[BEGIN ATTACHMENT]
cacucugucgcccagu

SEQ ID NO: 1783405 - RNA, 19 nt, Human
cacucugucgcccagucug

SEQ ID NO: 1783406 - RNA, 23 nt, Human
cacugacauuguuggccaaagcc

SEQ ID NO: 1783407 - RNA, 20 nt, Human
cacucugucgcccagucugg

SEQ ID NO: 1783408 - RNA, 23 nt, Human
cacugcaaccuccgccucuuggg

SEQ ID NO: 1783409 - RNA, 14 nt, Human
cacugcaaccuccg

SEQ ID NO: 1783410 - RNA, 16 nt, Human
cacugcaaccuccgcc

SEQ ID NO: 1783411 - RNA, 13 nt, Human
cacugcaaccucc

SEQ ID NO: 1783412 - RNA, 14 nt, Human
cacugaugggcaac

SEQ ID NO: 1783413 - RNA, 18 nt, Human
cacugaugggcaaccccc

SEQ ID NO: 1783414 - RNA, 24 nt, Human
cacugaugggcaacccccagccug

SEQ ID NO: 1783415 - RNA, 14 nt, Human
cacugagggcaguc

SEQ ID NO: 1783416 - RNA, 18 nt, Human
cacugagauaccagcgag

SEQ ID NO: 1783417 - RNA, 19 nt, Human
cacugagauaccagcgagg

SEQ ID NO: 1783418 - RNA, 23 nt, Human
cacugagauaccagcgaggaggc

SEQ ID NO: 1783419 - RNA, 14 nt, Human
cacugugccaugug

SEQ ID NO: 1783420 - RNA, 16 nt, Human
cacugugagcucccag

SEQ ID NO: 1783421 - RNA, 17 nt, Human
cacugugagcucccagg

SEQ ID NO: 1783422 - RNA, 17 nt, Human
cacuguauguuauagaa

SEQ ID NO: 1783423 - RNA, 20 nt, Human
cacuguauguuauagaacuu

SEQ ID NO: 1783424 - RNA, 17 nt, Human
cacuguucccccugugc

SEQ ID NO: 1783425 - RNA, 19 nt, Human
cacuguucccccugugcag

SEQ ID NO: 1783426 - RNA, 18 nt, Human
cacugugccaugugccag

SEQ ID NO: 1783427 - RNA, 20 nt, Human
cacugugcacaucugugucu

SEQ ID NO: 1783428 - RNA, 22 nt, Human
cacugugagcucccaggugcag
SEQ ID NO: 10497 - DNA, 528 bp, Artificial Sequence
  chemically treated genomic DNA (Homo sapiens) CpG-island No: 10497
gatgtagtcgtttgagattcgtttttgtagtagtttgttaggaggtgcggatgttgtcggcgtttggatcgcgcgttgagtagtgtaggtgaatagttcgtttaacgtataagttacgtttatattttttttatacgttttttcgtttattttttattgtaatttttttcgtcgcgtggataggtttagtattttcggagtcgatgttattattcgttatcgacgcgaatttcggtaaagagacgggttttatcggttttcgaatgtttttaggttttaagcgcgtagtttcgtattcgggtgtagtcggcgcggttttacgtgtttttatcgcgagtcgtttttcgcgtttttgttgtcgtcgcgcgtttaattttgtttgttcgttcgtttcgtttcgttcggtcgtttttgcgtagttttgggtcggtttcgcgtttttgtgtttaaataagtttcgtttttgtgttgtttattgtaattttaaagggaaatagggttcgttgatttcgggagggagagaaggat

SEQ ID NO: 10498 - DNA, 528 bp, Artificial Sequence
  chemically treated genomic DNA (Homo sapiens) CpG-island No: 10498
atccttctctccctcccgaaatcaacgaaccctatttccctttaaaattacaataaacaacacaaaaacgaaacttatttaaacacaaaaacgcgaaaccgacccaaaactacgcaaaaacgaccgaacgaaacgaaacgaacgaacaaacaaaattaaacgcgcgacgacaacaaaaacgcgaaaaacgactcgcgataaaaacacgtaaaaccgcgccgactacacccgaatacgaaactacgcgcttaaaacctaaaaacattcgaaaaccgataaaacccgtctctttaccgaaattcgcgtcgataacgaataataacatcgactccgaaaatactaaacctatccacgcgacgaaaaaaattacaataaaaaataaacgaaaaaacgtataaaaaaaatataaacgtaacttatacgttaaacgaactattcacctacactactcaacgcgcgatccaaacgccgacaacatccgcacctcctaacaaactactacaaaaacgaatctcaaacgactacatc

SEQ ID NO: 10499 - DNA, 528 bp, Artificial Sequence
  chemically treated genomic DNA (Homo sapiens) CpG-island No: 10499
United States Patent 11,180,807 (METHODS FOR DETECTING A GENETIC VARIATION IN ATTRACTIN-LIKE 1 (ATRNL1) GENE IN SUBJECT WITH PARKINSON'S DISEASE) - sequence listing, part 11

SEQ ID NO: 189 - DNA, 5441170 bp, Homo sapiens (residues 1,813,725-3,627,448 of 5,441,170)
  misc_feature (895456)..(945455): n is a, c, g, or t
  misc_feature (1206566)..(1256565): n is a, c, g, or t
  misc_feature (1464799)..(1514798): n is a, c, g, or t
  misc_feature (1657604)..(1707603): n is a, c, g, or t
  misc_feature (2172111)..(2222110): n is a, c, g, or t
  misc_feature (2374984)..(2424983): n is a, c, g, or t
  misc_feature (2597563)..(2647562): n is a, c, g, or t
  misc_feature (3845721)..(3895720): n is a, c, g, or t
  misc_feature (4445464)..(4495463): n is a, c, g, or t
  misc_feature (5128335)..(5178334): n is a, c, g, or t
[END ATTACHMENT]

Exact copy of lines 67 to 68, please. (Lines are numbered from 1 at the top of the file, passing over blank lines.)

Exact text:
  misc_feature (3845721)..(3895720): n is a, c, g, or t
  misc_feature (4445464)..(4495463): n is a, c, g, or t